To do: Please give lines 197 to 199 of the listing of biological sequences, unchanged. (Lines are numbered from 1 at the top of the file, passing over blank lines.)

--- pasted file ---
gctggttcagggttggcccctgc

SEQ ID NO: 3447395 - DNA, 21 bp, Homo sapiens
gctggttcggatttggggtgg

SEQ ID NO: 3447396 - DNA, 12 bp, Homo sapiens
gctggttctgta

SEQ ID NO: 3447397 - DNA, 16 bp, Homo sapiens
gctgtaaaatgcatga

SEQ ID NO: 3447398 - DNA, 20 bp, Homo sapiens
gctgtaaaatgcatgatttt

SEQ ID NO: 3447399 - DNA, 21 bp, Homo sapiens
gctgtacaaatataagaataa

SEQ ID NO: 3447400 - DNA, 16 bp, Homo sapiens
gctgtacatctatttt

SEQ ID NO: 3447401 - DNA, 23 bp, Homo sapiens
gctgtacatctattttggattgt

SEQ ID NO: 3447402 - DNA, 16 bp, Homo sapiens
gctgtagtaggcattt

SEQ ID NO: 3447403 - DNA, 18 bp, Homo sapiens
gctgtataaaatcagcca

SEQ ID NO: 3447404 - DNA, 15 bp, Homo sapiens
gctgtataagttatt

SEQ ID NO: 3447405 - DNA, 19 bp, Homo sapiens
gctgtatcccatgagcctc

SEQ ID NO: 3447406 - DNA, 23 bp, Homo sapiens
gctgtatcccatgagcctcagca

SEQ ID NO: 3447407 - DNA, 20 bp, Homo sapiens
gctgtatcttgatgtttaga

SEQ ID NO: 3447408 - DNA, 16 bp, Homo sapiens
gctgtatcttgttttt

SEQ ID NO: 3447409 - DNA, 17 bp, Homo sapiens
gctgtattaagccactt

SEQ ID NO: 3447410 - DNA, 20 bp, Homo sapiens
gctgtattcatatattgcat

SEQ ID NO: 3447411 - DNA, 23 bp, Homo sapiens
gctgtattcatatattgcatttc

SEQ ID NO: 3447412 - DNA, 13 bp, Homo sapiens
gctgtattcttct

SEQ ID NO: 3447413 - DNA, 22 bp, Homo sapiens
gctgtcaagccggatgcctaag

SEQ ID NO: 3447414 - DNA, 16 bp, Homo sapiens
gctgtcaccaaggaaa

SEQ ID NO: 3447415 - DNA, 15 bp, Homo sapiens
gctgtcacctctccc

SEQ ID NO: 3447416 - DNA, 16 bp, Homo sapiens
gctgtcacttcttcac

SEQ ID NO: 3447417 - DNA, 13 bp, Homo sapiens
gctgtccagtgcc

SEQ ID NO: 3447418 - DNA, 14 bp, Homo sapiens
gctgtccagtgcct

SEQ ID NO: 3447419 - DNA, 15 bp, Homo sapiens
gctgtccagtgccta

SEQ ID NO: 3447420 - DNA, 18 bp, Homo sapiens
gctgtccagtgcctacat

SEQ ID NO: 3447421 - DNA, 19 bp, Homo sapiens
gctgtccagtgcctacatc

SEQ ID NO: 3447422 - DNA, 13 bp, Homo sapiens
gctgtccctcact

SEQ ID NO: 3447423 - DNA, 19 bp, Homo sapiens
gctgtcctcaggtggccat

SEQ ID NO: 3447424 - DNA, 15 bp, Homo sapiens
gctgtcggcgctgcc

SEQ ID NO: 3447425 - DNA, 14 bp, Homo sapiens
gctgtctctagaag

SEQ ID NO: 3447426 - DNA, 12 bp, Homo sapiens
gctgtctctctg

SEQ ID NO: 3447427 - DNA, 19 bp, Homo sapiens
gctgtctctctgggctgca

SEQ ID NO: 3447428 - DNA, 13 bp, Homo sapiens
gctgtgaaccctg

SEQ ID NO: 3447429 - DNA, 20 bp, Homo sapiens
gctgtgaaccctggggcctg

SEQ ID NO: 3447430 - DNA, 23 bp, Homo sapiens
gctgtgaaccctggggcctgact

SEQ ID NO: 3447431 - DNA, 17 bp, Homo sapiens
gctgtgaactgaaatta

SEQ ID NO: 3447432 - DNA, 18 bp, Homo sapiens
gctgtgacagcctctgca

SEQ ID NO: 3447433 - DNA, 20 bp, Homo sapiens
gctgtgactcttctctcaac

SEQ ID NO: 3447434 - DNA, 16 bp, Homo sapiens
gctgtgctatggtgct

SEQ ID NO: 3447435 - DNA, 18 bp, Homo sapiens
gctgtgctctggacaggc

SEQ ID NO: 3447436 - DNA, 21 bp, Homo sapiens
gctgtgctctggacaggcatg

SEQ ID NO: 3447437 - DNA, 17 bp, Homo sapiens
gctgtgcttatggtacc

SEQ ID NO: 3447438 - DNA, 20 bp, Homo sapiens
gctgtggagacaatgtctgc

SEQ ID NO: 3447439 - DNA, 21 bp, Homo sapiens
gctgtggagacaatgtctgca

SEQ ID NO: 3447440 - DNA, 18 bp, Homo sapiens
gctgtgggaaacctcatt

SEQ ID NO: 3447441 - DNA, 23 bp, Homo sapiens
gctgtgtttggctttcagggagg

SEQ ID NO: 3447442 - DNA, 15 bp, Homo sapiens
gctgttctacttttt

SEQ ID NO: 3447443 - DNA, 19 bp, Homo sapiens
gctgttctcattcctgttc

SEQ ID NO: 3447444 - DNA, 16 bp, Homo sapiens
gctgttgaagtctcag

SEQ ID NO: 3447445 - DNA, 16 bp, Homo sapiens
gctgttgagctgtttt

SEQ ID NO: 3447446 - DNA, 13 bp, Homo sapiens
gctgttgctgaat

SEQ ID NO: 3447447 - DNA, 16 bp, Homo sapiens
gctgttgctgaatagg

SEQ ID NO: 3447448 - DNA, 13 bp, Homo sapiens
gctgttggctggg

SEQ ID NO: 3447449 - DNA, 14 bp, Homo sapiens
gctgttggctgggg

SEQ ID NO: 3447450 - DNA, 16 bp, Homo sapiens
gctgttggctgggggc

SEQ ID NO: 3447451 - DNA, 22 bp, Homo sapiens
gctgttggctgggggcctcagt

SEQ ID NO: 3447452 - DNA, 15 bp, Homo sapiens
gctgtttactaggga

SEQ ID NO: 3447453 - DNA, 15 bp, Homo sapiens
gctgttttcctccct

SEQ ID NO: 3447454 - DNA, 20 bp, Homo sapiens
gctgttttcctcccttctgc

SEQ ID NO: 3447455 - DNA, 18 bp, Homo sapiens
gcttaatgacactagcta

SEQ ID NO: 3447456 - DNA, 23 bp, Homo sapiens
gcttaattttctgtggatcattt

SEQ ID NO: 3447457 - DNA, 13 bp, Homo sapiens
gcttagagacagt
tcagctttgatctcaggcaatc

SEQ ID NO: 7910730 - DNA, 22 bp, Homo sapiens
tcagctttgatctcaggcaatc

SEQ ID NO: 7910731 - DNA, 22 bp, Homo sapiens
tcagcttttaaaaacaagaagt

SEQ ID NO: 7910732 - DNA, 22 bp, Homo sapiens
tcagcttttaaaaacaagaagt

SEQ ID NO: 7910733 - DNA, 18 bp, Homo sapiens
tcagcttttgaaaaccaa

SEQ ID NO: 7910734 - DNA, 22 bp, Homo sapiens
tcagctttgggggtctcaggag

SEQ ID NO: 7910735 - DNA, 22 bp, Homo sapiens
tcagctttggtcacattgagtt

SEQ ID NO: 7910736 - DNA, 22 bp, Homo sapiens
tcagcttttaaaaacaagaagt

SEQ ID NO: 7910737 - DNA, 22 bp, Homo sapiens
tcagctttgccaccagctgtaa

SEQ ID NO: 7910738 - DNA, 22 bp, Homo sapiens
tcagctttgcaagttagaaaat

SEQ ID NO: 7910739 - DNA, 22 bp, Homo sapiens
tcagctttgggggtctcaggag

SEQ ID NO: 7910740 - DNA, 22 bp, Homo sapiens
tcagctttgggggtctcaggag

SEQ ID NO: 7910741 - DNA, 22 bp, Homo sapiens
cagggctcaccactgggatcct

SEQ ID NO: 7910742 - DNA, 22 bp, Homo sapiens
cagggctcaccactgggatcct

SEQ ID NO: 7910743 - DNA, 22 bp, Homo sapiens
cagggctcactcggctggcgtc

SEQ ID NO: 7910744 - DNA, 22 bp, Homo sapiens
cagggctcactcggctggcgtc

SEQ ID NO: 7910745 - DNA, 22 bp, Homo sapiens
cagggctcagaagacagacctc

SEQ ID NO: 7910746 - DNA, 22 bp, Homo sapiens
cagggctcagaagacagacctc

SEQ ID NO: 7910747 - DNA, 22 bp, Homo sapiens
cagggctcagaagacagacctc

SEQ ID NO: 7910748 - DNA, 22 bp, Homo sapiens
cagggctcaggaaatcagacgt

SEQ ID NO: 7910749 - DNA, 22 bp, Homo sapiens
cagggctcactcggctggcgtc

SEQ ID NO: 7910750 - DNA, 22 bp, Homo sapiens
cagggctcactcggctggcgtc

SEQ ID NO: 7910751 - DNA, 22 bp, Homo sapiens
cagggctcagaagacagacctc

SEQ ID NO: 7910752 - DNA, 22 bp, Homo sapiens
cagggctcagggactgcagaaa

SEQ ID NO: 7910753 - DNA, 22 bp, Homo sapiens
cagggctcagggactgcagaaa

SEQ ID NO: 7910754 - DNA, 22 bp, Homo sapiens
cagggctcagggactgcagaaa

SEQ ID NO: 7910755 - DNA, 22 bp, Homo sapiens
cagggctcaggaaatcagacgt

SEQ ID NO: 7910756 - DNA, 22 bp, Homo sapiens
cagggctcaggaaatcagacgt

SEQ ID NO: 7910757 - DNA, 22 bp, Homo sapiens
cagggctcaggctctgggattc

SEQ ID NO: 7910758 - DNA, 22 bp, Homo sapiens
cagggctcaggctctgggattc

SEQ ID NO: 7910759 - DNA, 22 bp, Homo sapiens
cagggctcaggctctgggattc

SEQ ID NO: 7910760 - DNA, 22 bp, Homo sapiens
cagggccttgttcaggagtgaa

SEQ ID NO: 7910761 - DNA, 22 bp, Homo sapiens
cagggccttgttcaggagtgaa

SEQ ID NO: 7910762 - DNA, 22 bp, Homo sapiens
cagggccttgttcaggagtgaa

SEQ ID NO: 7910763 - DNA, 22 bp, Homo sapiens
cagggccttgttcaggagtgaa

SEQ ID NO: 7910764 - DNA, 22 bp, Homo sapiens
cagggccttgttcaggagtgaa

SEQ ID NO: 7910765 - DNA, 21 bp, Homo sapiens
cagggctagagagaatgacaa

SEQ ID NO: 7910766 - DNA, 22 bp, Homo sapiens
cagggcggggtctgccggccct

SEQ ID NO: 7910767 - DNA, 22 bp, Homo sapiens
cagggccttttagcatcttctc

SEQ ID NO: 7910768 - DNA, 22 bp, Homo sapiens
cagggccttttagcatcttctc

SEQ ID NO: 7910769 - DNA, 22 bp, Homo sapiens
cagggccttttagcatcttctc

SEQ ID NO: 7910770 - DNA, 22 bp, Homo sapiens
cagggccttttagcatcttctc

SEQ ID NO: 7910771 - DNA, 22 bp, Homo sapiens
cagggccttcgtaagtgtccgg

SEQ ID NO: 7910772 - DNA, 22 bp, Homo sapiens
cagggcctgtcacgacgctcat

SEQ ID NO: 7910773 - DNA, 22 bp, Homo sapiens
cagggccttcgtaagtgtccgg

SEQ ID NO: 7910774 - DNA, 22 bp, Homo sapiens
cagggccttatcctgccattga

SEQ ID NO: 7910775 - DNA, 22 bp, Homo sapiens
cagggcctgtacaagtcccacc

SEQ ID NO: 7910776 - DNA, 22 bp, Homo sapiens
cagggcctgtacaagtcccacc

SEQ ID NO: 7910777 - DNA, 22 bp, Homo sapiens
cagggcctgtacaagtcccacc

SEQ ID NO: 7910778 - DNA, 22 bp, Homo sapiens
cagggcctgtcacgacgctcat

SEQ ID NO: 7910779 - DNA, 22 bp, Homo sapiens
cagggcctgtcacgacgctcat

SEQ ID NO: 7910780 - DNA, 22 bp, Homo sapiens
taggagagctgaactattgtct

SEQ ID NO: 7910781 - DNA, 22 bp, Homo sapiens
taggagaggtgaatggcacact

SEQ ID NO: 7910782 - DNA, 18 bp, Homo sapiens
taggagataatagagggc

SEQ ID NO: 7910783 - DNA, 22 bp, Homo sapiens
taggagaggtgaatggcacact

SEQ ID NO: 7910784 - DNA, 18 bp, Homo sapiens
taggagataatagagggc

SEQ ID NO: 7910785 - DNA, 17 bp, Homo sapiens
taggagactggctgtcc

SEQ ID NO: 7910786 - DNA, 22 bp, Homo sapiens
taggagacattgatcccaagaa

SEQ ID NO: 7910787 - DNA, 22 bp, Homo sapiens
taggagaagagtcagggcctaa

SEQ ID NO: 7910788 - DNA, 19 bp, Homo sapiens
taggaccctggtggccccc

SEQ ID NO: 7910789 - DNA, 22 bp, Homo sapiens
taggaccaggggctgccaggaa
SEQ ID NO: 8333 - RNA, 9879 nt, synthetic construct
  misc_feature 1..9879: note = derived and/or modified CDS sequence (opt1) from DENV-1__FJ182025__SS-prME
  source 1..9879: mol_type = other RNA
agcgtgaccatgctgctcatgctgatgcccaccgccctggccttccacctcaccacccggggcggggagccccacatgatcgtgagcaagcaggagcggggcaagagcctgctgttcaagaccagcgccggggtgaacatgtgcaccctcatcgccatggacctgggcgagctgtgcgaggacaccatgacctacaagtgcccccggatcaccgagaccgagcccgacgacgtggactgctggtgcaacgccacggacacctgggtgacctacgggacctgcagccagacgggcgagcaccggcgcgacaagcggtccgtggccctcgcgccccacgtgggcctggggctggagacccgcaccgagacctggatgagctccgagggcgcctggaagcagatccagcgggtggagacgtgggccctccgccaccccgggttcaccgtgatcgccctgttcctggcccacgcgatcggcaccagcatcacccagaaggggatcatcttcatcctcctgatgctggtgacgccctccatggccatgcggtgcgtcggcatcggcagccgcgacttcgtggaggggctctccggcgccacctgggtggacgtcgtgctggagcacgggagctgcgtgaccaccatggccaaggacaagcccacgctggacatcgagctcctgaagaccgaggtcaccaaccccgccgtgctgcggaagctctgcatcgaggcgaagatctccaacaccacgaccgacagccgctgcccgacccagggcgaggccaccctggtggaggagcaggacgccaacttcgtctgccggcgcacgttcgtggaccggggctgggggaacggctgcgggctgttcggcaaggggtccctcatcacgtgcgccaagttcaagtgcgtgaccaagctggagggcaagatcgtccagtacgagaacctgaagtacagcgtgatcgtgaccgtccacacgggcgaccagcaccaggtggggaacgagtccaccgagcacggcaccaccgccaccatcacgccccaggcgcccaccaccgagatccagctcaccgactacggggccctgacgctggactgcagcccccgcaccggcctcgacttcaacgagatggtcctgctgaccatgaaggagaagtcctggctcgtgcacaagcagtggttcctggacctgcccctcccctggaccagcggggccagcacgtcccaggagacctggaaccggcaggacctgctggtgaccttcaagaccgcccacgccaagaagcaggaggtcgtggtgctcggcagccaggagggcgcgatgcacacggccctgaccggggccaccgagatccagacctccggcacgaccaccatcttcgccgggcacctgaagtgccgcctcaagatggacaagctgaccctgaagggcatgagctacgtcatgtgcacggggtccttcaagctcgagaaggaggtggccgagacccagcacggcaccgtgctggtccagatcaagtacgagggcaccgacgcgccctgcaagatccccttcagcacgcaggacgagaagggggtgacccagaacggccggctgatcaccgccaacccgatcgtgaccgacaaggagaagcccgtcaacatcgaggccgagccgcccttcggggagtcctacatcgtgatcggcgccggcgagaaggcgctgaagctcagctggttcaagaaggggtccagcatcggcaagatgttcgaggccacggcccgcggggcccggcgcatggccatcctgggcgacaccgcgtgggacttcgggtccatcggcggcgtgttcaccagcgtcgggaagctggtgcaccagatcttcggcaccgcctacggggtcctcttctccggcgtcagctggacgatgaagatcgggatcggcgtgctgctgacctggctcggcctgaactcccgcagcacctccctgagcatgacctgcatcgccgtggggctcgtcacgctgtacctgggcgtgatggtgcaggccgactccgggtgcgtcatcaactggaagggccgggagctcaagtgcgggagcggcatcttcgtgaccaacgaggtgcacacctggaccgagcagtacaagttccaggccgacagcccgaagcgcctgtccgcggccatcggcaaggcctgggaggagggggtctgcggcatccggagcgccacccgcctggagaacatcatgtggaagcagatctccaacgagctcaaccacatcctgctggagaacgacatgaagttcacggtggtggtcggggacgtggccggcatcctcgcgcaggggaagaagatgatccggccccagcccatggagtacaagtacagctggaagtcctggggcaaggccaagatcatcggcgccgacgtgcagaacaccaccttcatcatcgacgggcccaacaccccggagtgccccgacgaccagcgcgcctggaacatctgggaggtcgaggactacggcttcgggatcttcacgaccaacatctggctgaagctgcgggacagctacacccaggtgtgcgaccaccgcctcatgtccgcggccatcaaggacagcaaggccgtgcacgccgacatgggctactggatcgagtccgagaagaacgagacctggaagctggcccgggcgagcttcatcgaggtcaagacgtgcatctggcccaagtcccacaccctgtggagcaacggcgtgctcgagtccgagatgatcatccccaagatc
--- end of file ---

SEQ ID NO: 7910764 - DNA, 22 bp, Homo sapiens
cagggccttgttcaggagtgaa

SEQ ID NO: 7910765 - DNA, 21 bp, Homo sapiens